Photo of a steel worker with a metal grinder in their hands in a factory promoting micro-credentials.

What are micro-credentials?

Micro-credentials are not a new phenomenon. Both the private and public sectors have been using them to help upgrade the skills of labourers (e.g., forklift and working at heights certifications), teachers (credentials earned during professional development programs), and even highly trained physicians (certifications in new advancements in health care). However, recent world events and economic changes have highlighted the need for the workforce to adapt to emerging trends, that without adequate training will impact it negatively.

A recent report from the provincial government’s Higher Education Quality Council of Ontario (HEQCO) suggests that the timing for the implementation and execution of a micro-credential strategy may have become more urgent over the last year (Prichette, Brumwell, Rizk and Han, 2021). Previously, the trend toward digitalization and automation of the workforce had put pressure on the global economy to keep up with technological advances over the past decade. However, the impact of COVID-19 on the world stage has accelerated many of these transitions and added new ones.

The study’s findings suggest that there is a lack of understanding or agreement on the definition of micro-credentials in Canada and this can be a barrier to successful implementation of a critical nation-wide upskilling strategy. However, they also assert that that micro-credentials would be welcomed and even lauded by employers in the coming years as a way of determining competencies of applicants such that it will help determine micro-skill sets that individual positions may rely.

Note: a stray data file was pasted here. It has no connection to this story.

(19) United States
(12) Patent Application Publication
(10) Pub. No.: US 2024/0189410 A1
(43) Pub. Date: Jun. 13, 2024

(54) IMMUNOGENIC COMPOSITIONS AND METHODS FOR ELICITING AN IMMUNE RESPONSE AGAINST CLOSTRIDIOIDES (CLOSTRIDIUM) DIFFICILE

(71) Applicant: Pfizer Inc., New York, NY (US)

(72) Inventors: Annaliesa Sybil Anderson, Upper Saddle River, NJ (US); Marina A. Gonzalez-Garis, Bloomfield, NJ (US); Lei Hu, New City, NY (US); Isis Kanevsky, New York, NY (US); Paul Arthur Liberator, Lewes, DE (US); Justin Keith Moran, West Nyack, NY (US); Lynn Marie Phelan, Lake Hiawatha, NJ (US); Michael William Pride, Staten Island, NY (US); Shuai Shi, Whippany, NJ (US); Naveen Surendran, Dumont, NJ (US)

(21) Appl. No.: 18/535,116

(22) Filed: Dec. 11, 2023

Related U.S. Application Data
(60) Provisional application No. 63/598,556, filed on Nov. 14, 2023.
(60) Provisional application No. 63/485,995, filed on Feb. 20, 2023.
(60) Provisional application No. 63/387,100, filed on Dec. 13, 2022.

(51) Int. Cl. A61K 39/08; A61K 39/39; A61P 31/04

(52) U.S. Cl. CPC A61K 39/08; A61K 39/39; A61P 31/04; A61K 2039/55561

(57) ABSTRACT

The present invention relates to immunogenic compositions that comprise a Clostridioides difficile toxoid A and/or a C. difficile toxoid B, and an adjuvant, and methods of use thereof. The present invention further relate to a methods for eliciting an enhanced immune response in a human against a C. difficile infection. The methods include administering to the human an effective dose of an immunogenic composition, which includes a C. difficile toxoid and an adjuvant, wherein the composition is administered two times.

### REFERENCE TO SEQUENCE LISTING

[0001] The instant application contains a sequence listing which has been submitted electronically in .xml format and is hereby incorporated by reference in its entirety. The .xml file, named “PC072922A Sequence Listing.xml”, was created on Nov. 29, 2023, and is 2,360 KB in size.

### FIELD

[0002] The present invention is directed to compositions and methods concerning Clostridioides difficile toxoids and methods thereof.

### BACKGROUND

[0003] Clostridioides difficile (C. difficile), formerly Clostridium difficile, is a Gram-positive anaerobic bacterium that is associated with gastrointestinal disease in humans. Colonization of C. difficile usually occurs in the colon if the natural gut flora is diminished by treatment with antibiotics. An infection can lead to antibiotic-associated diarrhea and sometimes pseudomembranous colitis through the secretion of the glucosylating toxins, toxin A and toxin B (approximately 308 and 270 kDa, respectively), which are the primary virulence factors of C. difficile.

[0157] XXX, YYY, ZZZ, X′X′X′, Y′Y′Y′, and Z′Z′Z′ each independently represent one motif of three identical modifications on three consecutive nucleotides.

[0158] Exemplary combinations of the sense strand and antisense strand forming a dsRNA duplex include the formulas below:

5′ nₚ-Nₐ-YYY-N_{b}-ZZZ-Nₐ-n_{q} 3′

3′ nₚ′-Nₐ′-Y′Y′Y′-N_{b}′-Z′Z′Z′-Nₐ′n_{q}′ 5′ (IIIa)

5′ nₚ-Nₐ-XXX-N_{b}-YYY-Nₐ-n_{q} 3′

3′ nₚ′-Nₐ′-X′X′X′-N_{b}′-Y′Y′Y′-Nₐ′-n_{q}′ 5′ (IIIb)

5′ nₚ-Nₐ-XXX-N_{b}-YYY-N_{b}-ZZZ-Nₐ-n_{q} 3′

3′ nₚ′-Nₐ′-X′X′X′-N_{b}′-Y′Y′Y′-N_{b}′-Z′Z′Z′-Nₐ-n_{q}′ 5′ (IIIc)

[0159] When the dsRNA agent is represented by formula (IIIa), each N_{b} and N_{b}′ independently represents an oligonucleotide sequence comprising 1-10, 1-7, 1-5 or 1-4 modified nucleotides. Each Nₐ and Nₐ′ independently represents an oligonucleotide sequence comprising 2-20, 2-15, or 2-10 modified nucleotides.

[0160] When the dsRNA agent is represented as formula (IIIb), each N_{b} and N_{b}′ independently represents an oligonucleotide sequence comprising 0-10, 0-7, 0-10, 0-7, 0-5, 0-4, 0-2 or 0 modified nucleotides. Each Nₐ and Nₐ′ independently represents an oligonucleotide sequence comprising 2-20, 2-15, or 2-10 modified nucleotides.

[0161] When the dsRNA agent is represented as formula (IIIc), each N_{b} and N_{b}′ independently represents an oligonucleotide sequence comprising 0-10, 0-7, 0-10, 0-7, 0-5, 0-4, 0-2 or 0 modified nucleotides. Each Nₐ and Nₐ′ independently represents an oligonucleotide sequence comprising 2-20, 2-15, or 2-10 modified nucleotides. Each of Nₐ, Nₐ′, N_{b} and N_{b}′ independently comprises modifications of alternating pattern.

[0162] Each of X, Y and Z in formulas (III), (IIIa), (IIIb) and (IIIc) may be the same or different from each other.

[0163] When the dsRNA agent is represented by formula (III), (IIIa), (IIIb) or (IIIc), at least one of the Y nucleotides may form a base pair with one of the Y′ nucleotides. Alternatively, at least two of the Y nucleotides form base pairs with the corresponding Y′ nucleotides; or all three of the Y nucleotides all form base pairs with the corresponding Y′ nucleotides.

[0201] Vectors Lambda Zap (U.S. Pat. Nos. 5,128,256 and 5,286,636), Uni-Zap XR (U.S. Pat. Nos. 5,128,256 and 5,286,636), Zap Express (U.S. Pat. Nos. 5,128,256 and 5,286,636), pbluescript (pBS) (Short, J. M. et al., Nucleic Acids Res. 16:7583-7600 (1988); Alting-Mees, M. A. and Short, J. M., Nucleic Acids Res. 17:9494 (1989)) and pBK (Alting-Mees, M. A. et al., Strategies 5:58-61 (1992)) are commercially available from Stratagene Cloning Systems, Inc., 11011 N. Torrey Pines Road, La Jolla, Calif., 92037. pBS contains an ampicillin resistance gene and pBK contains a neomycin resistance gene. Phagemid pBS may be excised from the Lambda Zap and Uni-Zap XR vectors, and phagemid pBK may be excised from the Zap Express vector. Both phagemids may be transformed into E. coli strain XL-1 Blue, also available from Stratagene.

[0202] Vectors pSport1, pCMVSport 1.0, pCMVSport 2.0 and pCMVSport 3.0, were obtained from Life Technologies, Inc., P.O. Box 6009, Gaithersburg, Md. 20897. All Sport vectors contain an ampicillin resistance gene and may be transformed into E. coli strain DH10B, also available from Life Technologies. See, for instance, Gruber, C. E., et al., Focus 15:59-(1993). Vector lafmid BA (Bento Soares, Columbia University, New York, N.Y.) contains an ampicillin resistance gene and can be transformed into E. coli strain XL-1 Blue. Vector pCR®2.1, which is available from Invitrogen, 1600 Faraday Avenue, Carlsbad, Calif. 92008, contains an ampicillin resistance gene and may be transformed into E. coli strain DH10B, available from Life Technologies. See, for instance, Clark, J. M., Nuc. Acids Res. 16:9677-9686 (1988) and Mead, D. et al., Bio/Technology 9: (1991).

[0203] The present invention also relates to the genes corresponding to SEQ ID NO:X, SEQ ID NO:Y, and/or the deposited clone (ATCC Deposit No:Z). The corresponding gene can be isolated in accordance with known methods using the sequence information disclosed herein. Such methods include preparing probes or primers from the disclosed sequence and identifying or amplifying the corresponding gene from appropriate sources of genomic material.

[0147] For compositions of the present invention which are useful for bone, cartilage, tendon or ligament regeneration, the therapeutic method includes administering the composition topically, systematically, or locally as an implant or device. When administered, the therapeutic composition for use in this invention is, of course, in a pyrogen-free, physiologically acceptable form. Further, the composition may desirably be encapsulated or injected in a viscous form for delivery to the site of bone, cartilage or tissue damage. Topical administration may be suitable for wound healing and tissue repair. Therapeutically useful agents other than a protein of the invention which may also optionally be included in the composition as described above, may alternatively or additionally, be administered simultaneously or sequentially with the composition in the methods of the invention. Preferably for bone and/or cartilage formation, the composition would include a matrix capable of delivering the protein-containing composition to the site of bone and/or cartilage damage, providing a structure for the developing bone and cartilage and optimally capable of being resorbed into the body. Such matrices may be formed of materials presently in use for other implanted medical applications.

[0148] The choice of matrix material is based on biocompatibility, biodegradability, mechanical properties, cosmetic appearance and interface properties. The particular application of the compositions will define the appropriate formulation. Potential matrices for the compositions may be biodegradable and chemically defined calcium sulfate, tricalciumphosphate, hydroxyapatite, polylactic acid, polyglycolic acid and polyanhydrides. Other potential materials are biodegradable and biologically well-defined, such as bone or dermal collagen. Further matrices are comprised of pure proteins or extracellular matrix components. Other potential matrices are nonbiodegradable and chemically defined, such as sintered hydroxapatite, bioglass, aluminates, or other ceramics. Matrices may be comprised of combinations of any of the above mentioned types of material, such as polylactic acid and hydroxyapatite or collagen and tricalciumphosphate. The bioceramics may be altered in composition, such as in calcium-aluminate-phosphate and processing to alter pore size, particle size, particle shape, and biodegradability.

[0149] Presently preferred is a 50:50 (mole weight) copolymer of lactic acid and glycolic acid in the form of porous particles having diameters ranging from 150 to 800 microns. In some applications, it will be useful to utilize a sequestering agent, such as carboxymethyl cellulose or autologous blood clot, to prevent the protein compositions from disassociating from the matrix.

The study recommends that higher education look at creating a unified definition of micro-credentials and offer the following as a possible choice:

A micro-credential is a representation of learning, awarded for completion of a short program that is focused on a discrete set of competencies (i.e., skills, knowledge, attributes), and is sometimes related to other credentials (Prichette, Brumwell, Rizk and Han, 2021).

Where can we use them?

The micro-credential model therefore benefits the individual in gaining real skills that are in high demand while providing employers with a system to identify those best qualified for positions they seek to fill. And finally, it helps the country regain momentum lost during the pandemic or to the changes wrought by digitalization and automation with a highly skilled workforce.

Pichette, J., Brumwell, Rizk, J., & Han, S. (2021). Making sense of microcredentials. Higher Education Quality Council of Ontario. Retrieved from

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